It is also a great mean of prophylaxis. That is to say that it is the best way reduce or eliminate the effects of some parasites. The most famous case is the vine, whose European varieties were saved fron phylloxera by grafting method. The great phylloxera crisis began in Europe in 1861, but still remains active in some areas of the world where this aphid has recently arrived on ungrafted vines. In fact the American rootstock used, does not allow the aphid to complete its cycle. It is unable to install. 100% efficiency without any treatment.
Similarly, there are nematode-resistant rootstocks (microscopic worms from the soil, against which available insecticides are insufficiently active but extremely toxic), others are resistant to certain soil fungi, as phytophthora on citrus, and so on.
Finally, there are purely agronomic criteria, which allow to select a rootstock for its effects on the vigor (the most common case is the apple), on fruit quality, productivity, on the ability of the fruit to conservation.
Each species has a more or less wide range of rootstocks, that allows adapt to diverse culture conditions, according to the place or to the farmer priorities. For example, if a phytosanitary problem such as nematodes is determined or known, it will be the priority, because it may affect the viability of the crop. If there is no imperative of this type, agronomic criteria will logically be the priority.
Attention, we can not do anything. Depending on the conditions, we will be able to adapt a crop through the choice of the rootstock, or not. Insist on planting an inadequate and inadaptable crop is going directly to a technical, so economical failure.
There are a few breeding programs worldwide, to expand the range of rootstocks of different crops. But it is a long and tedious job, which requires many multisite experiments, whose results are slow because it’s necessary to see old culture at least up to the age where it pays the investment. Variety hybridization is much faster and cost effective. The majority of hybridization rootstocks programs are run by public agencies, which do not need to place profitability as a priority. Because if this is the wrong variety, you always can top graft the orchard. It is expensive, but it may be sustained. But if you chose the wrong rootstock, you have to tear all off.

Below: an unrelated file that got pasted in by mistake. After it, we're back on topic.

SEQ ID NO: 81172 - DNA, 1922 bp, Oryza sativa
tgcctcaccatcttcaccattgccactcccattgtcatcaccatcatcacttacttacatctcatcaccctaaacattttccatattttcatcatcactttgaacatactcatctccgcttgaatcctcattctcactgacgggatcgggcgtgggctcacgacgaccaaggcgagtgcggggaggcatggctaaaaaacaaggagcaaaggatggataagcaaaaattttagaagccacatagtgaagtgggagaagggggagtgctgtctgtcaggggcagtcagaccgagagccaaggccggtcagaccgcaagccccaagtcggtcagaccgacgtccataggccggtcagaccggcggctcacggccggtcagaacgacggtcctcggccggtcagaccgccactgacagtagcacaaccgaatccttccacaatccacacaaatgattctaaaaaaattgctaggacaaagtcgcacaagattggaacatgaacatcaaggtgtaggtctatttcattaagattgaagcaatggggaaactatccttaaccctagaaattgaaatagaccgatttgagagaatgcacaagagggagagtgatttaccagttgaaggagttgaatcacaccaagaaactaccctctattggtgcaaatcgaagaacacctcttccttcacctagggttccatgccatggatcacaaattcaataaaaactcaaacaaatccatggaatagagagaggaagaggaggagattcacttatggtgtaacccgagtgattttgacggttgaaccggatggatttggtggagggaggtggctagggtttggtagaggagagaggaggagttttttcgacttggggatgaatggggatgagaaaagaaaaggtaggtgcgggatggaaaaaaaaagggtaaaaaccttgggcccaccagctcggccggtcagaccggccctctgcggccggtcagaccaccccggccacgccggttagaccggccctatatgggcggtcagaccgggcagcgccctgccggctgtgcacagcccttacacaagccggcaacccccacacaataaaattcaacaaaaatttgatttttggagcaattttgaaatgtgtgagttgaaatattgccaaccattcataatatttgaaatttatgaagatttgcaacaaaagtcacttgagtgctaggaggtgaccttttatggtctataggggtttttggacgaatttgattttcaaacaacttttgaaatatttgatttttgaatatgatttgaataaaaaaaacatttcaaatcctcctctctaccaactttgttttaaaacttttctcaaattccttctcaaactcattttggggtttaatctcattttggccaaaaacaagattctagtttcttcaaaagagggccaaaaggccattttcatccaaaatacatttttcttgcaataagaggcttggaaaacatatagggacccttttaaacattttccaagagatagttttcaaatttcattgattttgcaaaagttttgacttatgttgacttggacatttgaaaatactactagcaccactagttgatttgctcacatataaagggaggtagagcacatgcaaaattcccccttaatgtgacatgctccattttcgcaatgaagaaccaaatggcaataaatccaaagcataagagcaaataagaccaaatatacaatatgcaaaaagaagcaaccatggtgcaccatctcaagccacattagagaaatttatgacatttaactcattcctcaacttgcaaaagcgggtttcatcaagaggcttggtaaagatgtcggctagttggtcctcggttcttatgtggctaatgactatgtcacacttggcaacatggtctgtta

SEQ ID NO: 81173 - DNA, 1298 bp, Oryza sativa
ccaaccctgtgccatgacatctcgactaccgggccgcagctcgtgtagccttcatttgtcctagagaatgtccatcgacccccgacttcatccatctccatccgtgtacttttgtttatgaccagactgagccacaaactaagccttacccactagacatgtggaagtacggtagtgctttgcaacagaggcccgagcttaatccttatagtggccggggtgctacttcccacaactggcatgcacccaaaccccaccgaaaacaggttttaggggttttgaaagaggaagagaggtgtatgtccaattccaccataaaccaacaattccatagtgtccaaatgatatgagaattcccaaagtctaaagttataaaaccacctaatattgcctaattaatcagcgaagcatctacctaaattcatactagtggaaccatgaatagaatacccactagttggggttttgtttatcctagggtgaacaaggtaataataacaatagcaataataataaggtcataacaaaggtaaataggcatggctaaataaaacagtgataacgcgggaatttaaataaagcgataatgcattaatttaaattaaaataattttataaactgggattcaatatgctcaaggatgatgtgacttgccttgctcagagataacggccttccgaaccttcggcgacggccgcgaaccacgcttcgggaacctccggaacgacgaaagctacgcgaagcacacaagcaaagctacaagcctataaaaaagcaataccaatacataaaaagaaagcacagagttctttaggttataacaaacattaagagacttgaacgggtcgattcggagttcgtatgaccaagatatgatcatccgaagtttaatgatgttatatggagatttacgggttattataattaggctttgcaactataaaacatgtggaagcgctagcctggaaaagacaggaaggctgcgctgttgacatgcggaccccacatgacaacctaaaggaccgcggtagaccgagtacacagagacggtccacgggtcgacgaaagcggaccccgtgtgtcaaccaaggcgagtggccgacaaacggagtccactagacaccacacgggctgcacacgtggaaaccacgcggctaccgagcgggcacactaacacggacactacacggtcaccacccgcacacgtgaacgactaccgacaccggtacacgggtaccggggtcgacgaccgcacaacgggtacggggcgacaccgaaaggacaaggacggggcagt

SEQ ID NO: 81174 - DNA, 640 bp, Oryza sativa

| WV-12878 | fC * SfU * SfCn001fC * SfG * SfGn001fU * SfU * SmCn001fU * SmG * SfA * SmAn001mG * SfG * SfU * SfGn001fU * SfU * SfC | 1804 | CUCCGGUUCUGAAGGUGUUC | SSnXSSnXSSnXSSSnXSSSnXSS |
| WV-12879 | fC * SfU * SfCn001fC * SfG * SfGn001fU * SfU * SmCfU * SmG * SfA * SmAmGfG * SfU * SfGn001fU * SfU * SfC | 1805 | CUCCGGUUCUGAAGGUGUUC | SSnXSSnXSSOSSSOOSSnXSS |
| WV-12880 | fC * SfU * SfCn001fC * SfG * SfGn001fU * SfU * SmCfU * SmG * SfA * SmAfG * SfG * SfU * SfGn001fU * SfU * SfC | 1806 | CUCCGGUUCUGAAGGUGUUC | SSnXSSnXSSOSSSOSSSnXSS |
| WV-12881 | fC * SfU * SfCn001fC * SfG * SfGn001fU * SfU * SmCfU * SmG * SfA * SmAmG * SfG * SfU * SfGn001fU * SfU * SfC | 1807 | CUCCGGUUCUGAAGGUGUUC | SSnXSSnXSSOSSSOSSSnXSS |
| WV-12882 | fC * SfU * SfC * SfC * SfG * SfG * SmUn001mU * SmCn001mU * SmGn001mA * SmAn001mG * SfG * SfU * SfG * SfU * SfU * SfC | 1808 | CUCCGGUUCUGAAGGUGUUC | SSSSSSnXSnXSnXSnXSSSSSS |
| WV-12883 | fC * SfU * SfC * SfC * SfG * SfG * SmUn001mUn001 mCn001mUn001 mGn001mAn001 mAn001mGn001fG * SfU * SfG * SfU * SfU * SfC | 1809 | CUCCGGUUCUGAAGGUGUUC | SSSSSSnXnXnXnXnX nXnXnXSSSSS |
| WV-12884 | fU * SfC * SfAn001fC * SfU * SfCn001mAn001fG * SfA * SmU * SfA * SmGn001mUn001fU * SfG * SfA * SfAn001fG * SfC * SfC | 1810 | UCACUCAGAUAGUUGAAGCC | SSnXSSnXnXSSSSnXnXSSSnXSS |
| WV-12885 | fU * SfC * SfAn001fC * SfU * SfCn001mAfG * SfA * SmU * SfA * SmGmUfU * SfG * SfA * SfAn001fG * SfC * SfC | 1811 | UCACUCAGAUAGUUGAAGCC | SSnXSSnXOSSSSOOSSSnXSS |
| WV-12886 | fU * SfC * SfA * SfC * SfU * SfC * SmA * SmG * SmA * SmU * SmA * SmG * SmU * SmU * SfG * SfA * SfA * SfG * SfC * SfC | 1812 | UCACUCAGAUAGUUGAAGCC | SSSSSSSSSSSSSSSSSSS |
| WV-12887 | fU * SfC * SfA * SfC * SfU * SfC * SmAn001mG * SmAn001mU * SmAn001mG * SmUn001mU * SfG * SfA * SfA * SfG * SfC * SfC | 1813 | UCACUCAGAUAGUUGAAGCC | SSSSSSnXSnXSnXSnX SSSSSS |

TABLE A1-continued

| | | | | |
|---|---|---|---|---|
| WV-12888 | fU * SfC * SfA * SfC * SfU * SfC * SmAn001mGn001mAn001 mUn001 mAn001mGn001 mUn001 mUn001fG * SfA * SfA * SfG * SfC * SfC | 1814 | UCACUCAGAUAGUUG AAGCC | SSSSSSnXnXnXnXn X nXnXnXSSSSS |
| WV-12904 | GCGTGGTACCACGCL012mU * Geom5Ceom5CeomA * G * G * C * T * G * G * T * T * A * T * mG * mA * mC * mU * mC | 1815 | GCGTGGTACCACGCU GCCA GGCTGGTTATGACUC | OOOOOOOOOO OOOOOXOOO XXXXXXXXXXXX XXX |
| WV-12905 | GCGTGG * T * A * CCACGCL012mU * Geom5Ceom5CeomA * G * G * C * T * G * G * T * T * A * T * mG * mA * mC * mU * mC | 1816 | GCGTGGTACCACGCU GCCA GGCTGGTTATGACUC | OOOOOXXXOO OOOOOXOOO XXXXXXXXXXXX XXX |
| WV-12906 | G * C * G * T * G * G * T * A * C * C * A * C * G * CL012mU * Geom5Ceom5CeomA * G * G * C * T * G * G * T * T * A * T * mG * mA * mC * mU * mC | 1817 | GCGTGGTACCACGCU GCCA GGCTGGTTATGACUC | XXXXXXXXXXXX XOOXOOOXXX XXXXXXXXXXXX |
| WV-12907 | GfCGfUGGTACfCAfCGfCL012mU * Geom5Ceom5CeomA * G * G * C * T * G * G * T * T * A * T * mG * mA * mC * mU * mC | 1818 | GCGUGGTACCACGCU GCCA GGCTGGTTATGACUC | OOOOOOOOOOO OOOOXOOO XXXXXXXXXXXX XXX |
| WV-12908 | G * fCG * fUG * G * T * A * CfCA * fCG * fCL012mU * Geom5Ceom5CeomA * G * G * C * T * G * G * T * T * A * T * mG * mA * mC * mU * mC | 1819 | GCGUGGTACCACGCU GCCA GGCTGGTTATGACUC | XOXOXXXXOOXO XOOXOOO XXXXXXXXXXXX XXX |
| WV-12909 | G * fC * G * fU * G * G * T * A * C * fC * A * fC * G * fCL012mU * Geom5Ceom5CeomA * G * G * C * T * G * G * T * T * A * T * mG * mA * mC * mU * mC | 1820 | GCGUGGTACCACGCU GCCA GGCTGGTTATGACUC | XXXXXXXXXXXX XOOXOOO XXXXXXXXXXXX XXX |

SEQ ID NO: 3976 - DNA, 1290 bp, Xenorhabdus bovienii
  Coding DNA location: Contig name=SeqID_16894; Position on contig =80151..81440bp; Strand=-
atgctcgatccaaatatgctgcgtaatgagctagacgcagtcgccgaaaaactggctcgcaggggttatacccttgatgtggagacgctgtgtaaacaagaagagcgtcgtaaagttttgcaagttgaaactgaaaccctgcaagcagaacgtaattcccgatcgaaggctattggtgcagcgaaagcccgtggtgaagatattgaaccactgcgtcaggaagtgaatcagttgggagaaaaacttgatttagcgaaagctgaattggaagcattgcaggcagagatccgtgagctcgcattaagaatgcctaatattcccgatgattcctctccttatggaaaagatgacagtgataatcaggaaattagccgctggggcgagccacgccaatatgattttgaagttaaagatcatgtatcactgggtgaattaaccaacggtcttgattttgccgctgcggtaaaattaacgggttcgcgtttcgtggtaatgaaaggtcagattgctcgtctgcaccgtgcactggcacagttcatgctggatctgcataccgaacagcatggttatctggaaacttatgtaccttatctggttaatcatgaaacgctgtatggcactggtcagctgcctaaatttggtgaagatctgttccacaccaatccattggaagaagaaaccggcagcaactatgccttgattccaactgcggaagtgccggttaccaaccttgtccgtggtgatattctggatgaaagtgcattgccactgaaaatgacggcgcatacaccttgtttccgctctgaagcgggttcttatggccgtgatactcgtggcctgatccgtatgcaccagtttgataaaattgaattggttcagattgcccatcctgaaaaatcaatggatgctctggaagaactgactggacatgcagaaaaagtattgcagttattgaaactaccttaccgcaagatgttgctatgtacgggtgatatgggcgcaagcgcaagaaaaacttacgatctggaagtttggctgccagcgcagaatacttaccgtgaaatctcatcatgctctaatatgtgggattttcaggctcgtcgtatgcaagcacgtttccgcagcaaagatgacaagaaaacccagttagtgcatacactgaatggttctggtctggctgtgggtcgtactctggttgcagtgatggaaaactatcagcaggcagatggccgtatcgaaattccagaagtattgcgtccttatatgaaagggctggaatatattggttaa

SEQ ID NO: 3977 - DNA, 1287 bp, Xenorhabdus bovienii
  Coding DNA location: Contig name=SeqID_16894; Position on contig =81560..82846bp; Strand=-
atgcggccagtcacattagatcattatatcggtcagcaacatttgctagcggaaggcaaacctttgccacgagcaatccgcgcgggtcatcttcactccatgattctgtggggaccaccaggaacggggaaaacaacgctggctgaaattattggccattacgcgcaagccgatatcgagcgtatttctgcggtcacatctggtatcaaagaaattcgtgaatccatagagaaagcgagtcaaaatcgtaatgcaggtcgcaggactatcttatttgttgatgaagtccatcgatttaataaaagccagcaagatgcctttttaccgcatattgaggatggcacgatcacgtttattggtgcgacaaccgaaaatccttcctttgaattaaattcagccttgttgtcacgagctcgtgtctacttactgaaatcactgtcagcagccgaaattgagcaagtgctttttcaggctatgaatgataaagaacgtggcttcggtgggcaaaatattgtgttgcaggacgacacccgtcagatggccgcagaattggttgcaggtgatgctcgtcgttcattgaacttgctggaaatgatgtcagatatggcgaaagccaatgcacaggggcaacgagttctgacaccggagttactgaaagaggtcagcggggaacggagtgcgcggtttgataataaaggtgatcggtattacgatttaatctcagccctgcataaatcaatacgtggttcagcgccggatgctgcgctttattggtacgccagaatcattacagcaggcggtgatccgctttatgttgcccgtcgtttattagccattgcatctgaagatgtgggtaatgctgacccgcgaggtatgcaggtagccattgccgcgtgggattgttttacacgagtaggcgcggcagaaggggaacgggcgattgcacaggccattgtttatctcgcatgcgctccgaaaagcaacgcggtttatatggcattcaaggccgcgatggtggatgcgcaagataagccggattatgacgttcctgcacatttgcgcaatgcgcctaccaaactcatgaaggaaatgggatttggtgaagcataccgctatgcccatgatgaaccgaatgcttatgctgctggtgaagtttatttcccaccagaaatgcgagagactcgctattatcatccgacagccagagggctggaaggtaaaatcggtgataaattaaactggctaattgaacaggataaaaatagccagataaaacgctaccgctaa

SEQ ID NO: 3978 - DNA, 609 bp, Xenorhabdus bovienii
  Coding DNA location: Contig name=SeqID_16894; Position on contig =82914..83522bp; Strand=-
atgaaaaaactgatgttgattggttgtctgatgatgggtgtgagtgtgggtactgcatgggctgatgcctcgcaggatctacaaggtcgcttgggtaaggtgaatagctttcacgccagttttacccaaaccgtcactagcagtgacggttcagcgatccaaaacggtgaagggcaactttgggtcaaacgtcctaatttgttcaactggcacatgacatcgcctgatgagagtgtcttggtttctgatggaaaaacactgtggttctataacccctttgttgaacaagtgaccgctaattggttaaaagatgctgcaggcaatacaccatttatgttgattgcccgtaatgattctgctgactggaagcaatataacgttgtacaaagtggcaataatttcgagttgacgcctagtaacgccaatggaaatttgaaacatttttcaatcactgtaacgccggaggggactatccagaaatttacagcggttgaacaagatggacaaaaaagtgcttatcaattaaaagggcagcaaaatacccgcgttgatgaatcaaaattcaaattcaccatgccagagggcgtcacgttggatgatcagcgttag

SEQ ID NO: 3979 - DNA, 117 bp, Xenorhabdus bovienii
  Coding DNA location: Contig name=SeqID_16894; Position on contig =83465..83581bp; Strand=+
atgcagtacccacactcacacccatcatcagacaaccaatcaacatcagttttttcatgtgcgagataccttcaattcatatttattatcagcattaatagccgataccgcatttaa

Is it possible to graft anything on anything else?
Of course not. However, there are some compatibility between species, but always within the same genus. One of the most used in pear rootstocks is the quince. In the Prunus family, the intercompatibilities are many, between plum, peach, apricot and almond.
On the left slide, a plum variety grafted on peach Monclar®, with good affinity despite the difference in diameter, as the graft callus is perfectly healthy and clean.
On the right, another same aged variety. This is the pollinator of the previous one, on the same rootstock. It is clearly visible that the affinity is reduced, because the graft callus is much bulky, showing a vascular communication of lower quality.
May grafting act on the fruit quality?
Yes, and it is often a criterion of choice of the rootstock. Let’s take the case of apple trees. Most old orchards are grafted onto vigorous rootstocks, which tend to cause a strong tree vigor. Modern orchards are almost always grafted onto rootstocks greatly reducing the vigor, often requiring to stake trees, whose structure (trunk and branches) is not able to support alone the fruit crop without break risk. Debilitating or dwarfing rootstocks generally tend to improve fruit quality and size, provided that the affinity is good, and that culture conditions are appropriate. Indeed, a small tree sends nutrients directly to the fruit, while a vigourous tree directs them to the strongest shoots, also called sucker, to the detriment of fruit.
Techniques and periods for grafting are many, and each crop has its preferences, and each technique has its tricks.
These are very delicate operations requiring proper training and necessary precautions to ensure success.It is surgery applied to plants.